Governments in Latin America and Africa are scrambling to build so-called "stategic trading partnerships" with China. But is it really a win-win situaiton?
SANTIAGO — Chinese loans and investments in Africa, Latin America and the Caribbean represent a new brand of colonialism, a gradual economic dominance that the target countries, as it turns out, are eager to welcome with open arms.
The self-styled progressive governments of Latin America and a good many African leaders, befuddled by China's largesse, have laid out the red carpet for big Chinese capital without stopping to think what the "generous" credit and promises of vast investments in key sectors of their economies might ultimately imply.
In their eagerness to establish so-called "strategic trading partnerships," they fail to comprehend that behind China's political and economic maneuverings lies an emerging imperial domination. Loans with minimal interest and few conditions are fuelling excessive debt among African and Latin American states, and reshaping global dependencies.
Although these countries have evidently, and partially, freed themselves from the imperial claws of the United States and European powers — as leftist leaders like Nicolás Maduro (Venezuela), Evo Morales (Bolivia) and Daniel Ortega (Nicaragua) keep crowing to the world — they are inadvertently falling into another imperial trap, one that may turn out to be singularly ruthless.
China's approach differs from classic colonialism in that it eschews any involvement in local politics or issues of civil rights and liberties. The results, though, are the same. Using credit and investments, China is little by little taking over key parts of the the economies in question. Its main objectives are to eventually control strategic natural resources, trade and infrastructures.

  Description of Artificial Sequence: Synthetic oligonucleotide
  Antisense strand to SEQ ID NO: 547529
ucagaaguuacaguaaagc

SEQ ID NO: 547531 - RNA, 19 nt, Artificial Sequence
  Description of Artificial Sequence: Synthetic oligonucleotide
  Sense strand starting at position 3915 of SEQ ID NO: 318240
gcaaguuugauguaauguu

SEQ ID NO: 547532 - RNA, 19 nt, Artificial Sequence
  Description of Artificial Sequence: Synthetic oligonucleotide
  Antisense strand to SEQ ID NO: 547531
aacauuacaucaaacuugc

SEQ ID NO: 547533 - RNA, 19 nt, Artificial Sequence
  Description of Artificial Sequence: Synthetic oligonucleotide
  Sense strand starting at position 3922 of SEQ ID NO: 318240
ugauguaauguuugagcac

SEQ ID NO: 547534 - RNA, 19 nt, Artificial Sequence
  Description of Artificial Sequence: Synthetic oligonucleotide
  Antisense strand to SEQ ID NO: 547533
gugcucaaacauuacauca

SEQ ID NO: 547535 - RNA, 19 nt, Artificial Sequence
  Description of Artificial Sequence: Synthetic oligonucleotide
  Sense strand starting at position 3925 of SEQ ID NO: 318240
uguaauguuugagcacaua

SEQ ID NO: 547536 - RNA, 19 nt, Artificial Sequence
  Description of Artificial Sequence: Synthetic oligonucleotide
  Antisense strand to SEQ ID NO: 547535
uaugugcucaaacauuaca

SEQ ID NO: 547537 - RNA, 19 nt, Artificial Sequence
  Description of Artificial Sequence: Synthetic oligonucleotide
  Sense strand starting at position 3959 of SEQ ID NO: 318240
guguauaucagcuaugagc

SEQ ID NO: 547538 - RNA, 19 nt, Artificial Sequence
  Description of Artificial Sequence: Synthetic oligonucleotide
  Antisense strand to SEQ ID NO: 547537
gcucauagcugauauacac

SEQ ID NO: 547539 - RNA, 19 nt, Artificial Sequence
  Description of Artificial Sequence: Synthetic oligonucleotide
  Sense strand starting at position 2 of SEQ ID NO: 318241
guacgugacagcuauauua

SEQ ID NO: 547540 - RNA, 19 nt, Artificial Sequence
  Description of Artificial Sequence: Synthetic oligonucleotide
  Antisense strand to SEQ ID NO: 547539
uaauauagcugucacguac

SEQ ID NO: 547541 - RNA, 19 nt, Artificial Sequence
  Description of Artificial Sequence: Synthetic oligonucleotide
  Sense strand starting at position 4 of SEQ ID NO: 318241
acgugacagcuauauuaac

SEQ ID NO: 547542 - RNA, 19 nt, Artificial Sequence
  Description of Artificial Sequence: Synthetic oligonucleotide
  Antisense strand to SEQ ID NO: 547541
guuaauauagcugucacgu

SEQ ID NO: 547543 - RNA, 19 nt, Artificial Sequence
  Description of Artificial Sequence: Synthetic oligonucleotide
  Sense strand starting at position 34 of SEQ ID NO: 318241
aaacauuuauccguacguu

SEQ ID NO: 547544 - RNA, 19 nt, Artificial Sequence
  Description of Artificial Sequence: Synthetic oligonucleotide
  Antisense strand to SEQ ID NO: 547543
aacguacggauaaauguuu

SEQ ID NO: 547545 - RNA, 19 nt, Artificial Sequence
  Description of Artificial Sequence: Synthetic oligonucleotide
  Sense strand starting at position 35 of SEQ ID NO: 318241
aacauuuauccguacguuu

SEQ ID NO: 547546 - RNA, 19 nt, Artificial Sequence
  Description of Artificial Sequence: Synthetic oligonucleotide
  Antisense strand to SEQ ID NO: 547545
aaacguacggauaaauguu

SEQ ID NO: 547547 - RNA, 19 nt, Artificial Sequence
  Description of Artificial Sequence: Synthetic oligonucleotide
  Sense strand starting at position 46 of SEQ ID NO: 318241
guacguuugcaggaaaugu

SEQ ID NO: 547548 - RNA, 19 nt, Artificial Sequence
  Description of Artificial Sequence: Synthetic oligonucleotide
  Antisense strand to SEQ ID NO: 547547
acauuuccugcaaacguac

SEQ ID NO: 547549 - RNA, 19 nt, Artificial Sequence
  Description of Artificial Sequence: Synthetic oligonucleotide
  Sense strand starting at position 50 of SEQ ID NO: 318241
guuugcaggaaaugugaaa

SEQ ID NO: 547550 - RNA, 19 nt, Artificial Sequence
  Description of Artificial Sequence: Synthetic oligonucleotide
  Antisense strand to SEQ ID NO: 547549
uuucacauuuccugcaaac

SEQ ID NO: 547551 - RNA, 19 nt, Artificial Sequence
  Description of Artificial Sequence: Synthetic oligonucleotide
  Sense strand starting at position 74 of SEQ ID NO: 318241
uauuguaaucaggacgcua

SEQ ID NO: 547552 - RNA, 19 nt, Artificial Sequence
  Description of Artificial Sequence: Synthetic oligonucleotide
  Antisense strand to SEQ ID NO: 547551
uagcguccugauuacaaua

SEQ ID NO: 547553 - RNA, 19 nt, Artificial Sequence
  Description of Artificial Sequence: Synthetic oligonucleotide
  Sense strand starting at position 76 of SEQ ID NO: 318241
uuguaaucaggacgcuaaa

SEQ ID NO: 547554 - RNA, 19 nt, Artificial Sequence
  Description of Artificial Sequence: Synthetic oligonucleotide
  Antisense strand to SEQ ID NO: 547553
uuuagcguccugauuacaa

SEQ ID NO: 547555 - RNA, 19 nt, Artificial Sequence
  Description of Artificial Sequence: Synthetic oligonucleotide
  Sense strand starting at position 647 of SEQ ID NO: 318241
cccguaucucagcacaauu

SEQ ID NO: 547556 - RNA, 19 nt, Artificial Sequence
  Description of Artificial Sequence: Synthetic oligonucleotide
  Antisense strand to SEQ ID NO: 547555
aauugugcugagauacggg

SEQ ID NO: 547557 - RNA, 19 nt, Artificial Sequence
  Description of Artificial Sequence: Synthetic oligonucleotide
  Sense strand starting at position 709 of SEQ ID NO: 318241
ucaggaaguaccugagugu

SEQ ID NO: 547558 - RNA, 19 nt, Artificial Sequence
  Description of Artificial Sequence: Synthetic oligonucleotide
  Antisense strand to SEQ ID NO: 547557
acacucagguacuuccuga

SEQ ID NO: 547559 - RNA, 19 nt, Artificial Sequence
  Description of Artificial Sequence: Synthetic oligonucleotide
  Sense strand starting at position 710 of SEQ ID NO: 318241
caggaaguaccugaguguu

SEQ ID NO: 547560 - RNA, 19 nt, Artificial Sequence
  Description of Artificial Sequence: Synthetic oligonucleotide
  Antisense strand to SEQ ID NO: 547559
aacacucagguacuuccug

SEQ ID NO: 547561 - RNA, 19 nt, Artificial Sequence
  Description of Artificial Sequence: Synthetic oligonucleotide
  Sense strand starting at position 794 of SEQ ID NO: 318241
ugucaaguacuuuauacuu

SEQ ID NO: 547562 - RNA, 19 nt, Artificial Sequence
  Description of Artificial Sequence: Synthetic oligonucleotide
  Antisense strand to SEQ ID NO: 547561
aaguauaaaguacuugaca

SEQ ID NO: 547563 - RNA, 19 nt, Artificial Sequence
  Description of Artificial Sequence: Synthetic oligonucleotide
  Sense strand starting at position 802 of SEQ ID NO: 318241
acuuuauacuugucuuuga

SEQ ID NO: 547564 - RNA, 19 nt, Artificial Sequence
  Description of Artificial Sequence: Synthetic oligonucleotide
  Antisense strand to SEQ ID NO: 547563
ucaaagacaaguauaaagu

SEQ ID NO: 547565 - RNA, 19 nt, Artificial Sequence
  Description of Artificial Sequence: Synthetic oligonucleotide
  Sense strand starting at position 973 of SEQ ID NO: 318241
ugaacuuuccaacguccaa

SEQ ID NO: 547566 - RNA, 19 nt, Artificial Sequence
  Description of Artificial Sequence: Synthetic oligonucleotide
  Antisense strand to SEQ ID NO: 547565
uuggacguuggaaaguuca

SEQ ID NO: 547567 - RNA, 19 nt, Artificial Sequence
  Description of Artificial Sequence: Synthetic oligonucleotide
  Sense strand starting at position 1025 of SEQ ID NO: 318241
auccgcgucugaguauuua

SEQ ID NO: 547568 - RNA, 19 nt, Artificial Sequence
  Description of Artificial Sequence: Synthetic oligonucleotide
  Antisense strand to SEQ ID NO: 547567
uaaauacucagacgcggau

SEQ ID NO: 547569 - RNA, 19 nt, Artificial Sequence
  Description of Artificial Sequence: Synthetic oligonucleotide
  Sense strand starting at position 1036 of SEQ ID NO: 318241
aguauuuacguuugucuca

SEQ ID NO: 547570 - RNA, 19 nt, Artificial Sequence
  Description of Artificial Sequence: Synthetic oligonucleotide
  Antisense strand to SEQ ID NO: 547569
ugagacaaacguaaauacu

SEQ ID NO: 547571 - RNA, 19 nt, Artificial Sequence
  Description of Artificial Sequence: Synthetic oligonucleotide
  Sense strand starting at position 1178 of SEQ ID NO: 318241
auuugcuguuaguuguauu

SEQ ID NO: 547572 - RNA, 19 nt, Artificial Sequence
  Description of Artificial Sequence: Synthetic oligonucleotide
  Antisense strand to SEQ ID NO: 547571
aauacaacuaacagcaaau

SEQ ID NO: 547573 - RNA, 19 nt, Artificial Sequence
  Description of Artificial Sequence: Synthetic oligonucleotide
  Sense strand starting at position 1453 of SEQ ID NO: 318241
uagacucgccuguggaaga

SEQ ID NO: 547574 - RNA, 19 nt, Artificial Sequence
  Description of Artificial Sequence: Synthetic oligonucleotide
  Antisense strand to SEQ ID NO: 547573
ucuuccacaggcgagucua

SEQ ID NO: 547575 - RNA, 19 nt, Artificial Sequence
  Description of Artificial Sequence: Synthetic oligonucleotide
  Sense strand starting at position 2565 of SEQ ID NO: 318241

In Latin America, China has displaced the European powers and is already the second trading partner and main source of regional investments. Bilateral trade between China and Latin American and Caribbean states was worth $260 billion in 2014. Most of the money relates to raw materials such as oil, gold, copper, iron, gas and agricultural products, which China is both consuming and heavily investing in.
Brazil, Argentina, Venezuela, Ecuador, Bolivia, Chile, Peru, Nicaragua and Mexico are the main settings of these investments. China has become the main export market, in the meantime, for Brazil, Chile, Argentina and Peru. Venezuela is more or less mortgaged to China, having received loans worth more than $70 billion in exchange for oil.
In Peru and Bolivia, the Chinese already control more than 40% of the mining and energy sectors. China revealed at a recent Community of Latin American and Caribbean States (CELAC) summit in Beijing that is plans to invest another $250 billion in the region over the next decade.
In the case of African states, China overtook the U.S. as principal trading partner years ago. Bilateral trade between China and Africa has increased from $10 billion to some $215 billion in the past 15 years, and more than 2,650 Chinese firms operate in 50 of the 54 African states.
Together the companies control more than 65% of all public works projects and dominate the mining, oil, telecom and energy sectors in half the African states.
China has also become the second leading supplier of weapons to these states. As the Congolese writer Mbuyi Kabunda observes, Africa has become China's El Dorado and Latin America the setting of an economic and strategic turf war with the U.S.